From the Wall Street Journal:

Syria shut down most of its Internet and mobile data connections early Friday, adopting a strategy used by other governments in the Middle East during critical points of the uprisings.

But the attempt to gain an advantage over the opposition groups by unplugging or partially blocking the Internet, which has played a key role in the protests, could backfire. In some cases, most notably in Egypt, the move appeared to prompt more angry protesters into the streets.

Following in the footsteps of repressive governments in Egypt and Libya, the Syrian government has dramatically escalated its conflict with protestors and opposition movements by effectively cutting them off from both each other and the international community.

This tactic has been tried before by authoritarian regimes. Some have been successful - China, for example - but most of the time it fails spectacularly.


In January of this year, the Egyptian government severed all internet and mobile communications in the country, with some surprising results.

Google created Speak2Tweet, a service that allowed Egyptians to call a special international number and record a message for the outside world. Small World News then stepped in and began aggregating and translating those messages, resulting in our project Alive in Egypt.

Even without readily available internet access, networks can be constructed to allow the free flow of information. The policy of suppression fails; not only by re-invigorating the opposition to push back against the government, but by failing to truly silence the voices of the citizenry.

Speak2Tweet has again attempted to re-open communication by promoting a number for Syrians to use. Here's a few examples of what's come out in the last 24 hours:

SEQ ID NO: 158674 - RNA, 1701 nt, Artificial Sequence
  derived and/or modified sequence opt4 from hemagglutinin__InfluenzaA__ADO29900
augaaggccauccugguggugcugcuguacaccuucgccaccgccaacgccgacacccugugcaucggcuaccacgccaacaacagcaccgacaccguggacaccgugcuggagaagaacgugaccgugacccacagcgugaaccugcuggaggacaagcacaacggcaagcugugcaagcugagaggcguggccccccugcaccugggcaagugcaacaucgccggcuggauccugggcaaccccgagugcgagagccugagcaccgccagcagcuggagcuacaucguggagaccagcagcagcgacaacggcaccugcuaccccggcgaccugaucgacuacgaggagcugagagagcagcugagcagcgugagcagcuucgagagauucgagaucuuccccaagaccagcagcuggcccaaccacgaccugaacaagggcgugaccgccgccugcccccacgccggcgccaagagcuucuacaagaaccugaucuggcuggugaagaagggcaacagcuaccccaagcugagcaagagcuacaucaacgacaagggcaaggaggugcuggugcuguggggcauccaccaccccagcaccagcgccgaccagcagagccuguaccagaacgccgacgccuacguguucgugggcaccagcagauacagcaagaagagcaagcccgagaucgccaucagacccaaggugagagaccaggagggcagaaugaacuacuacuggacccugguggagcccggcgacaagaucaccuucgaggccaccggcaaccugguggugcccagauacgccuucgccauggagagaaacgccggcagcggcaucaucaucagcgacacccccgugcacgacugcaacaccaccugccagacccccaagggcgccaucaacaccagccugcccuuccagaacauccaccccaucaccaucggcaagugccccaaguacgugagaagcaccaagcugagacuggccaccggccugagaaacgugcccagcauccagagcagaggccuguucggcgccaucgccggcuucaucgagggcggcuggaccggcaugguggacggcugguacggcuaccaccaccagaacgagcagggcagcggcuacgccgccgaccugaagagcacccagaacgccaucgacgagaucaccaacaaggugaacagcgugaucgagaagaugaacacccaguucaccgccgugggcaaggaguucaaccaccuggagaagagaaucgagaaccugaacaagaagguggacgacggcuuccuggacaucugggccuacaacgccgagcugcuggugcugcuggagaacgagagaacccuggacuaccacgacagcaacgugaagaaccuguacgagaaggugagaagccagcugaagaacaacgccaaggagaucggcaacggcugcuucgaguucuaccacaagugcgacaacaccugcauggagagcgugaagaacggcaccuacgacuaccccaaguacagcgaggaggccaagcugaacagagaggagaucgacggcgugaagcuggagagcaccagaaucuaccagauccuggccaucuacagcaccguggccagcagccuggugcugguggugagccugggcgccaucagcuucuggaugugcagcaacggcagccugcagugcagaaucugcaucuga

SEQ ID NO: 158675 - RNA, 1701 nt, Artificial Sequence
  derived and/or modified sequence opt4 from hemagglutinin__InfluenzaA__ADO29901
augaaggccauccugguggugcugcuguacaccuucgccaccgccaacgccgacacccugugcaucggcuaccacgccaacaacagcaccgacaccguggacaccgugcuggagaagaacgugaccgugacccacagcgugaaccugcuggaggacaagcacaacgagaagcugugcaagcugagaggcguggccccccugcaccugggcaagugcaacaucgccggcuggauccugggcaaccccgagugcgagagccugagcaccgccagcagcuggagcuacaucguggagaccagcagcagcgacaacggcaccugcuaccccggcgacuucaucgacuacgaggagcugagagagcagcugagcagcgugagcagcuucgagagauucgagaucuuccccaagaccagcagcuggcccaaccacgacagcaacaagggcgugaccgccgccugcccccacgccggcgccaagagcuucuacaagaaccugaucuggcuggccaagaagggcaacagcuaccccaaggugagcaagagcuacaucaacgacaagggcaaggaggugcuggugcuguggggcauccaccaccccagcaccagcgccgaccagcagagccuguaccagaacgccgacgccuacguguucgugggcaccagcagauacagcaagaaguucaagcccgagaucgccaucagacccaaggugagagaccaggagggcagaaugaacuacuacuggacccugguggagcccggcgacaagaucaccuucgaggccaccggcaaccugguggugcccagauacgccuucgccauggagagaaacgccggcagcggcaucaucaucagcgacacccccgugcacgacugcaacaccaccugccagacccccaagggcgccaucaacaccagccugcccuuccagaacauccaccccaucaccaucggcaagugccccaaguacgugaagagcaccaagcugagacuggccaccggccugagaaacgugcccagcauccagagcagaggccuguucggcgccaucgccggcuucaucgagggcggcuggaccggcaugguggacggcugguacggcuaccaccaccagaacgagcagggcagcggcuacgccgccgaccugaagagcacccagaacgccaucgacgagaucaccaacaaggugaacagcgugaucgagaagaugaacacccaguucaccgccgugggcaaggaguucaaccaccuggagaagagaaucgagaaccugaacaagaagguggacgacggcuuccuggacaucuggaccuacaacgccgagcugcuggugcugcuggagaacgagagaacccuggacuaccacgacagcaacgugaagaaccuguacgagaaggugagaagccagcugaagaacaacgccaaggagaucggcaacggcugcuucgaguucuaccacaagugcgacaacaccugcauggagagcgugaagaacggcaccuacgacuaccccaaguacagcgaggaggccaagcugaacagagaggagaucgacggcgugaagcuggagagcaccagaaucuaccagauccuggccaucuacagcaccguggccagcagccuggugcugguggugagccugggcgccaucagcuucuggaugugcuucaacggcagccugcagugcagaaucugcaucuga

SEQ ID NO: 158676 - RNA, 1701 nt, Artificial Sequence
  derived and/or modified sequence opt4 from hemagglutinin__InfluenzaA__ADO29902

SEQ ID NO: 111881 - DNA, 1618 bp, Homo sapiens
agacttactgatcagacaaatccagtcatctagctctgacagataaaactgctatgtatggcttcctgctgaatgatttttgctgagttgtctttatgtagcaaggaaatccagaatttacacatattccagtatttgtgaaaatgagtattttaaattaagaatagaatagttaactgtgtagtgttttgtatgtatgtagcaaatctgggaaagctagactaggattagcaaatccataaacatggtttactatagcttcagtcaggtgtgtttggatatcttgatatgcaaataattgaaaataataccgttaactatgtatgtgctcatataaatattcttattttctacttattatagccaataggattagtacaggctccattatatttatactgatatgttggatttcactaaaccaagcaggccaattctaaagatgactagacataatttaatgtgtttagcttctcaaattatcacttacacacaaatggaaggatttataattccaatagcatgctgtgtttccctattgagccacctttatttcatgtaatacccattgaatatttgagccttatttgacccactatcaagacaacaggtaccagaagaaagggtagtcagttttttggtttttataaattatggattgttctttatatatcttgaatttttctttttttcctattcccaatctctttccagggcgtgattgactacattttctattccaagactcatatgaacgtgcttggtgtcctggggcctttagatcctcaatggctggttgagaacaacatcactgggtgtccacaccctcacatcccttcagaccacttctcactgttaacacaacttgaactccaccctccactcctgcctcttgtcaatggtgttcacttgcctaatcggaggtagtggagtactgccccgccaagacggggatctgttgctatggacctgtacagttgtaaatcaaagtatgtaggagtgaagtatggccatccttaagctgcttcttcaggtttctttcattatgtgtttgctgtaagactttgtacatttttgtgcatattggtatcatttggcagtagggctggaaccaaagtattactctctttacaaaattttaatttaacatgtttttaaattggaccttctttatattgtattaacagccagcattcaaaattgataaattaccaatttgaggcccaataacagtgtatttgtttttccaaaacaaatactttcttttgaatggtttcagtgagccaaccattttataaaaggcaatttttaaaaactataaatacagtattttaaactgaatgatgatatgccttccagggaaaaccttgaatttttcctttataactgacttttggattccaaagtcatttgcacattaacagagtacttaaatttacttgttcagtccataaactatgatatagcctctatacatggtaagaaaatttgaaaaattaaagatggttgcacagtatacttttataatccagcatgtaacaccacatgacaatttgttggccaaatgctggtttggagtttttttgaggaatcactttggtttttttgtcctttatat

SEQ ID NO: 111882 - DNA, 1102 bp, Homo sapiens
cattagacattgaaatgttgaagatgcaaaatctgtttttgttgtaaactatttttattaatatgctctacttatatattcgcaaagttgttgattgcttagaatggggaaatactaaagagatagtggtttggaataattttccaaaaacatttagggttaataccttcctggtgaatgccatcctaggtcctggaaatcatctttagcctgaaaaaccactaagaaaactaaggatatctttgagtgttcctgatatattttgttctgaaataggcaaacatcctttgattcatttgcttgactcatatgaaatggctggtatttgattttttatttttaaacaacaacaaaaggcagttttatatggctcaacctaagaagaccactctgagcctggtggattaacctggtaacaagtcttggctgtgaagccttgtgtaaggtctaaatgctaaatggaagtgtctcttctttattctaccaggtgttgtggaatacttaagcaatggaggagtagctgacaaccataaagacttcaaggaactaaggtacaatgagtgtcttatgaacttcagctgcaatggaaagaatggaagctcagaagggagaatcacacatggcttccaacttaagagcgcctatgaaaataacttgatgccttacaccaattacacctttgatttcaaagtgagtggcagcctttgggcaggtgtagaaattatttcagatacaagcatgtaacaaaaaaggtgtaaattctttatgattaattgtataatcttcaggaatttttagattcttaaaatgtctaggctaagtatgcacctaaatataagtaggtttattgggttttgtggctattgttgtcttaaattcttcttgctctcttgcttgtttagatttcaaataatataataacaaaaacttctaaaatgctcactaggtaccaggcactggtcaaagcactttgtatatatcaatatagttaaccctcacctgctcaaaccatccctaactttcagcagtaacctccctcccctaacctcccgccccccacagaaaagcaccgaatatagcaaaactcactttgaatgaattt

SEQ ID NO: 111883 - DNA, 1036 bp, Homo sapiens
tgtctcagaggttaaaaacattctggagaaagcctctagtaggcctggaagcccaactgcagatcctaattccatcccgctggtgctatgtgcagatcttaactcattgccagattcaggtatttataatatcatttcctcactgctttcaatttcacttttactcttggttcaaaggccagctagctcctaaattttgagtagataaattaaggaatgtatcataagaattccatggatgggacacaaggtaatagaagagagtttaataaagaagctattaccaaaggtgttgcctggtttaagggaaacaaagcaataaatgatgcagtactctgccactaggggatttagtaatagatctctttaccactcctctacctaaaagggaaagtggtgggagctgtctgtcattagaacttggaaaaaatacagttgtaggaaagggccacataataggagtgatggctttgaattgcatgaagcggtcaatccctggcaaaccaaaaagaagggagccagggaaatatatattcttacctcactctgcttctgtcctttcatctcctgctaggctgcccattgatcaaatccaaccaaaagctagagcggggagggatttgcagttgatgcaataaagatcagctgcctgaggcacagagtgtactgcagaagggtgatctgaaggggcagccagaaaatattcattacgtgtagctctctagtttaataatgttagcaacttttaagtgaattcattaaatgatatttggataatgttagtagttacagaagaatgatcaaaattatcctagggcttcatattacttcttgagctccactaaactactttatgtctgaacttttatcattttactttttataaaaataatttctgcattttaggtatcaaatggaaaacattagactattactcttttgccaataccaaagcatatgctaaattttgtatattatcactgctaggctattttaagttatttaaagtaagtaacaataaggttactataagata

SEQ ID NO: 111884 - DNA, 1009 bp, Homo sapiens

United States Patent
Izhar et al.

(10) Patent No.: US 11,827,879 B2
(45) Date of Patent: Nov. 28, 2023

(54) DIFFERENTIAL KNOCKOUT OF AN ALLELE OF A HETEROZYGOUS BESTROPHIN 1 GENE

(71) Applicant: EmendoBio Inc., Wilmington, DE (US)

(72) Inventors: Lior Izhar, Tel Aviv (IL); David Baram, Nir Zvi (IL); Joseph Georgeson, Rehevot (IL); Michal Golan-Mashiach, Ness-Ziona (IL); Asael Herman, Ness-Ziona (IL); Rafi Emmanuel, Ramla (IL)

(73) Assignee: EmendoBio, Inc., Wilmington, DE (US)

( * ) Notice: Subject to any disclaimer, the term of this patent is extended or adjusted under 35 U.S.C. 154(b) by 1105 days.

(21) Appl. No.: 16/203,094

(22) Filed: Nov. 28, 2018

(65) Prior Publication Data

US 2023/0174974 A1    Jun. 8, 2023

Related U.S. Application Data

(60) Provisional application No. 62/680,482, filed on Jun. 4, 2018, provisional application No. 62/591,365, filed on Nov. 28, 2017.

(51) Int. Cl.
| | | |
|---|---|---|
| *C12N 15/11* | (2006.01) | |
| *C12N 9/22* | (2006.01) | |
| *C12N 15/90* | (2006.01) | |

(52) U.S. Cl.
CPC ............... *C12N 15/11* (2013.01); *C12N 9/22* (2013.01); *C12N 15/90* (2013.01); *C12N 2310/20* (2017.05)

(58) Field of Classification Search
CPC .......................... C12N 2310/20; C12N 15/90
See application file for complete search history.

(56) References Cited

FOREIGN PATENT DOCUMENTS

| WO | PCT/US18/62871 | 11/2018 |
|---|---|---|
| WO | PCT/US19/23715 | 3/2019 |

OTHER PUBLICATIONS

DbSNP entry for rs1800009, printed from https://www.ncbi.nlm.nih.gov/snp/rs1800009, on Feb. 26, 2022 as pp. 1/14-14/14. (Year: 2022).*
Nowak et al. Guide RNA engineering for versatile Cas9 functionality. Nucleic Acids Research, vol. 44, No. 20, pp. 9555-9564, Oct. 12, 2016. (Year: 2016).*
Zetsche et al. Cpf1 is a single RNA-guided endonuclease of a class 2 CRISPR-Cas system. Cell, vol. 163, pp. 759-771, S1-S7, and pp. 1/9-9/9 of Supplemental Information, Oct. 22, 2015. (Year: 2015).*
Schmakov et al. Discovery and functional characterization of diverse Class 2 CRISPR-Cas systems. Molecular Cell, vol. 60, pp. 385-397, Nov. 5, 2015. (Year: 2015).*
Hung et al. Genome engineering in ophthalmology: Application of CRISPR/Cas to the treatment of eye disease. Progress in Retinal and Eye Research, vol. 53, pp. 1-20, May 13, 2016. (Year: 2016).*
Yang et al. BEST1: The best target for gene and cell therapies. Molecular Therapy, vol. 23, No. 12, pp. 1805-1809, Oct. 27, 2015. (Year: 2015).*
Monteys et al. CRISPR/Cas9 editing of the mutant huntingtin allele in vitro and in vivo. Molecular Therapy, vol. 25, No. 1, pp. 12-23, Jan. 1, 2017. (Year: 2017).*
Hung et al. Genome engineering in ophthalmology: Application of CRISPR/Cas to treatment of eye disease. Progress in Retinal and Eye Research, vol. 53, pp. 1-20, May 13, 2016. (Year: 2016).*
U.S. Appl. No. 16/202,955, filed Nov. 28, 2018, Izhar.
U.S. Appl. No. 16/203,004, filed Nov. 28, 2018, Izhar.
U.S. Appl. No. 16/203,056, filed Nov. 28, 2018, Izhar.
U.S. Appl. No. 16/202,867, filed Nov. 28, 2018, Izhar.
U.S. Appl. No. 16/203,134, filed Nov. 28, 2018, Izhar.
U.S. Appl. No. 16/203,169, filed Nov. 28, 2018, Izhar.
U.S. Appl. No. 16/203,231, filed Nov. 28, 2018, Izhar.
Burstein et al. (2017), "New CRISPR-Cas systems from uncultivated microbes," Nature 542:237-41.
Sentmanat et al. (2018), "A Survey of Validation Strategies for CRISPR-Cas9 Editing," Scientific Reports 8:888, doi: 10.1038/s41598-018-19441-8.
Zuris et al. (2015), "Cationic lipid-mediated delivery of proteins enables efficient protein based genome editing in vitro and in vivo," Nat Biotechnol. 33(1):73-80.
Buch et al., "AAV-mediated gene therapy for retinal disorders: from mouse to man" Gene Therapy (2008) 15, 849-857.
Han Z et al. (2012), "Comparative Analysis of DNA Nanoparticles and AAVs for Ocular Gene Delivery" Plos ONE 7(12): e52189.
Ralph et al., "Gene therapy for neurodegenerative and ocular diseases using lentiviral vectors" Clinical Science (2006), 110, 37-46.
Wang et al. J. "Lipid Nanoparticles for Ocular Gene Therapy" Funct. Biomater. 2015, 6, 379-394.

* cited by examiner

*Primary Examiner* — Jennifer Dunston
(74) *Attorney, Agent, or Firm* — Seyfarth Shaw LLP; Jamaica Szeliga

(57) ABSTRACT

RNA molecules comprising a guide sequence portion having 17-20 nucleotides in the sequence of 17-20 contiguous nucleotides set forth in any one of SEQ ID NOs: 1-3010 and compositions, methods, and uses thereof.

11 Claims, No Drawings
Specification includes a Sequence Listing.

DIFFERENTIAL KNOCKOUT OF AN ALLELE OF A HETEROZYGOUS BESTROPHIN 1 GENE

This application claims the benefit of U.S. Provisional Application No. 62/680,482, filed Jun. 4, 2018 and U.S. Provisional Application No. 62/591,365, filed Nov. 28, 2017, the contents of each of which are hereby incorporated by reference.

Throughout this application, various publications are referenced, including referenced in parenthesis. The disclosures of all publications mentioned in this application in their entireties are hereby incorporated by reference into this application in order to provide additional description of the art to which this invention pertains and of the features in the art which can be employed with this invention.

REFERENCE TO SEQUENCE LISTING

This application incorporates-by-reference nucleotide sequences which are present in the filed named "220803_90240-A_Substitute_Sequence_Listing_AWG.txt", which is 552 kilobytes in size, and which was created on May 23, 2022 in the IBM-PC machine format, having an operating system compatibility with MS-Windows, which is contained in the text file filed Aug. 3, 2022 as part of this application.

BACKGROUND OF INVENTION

The full impact of the Syrian government's internet shut-down is not yet known. The suppression technique's only real achievement is provocative headlines, thus increasing international awareness of the conflict in Syria. More than that though, it has instigated yet another leap forward in the evolution of countering such suppression tactics.

When Egypt shut down its internet, the work-arounds like Speak2Tweet were themselves revolutionary. With Syria, these tools are the norm, rapidly deployed and utilized by Syrians and the international community.

The question left for journalists, technologists, and civil society organizations is "what's next?" How do we take these tools and build on them, enhancing their effectiveness against attacks like those of the Syrian regime? Quite simply, these oppressive techniques are nothing more than opportunities for improvement, and these opportunities must be seized.

Given that, the question raised for the Syrian regime might as well be "what have you done?" Rather than silencing the voice of opposition, the government may have, in fact, catalyzed the next wave of innovation in ensuring those voices are heard.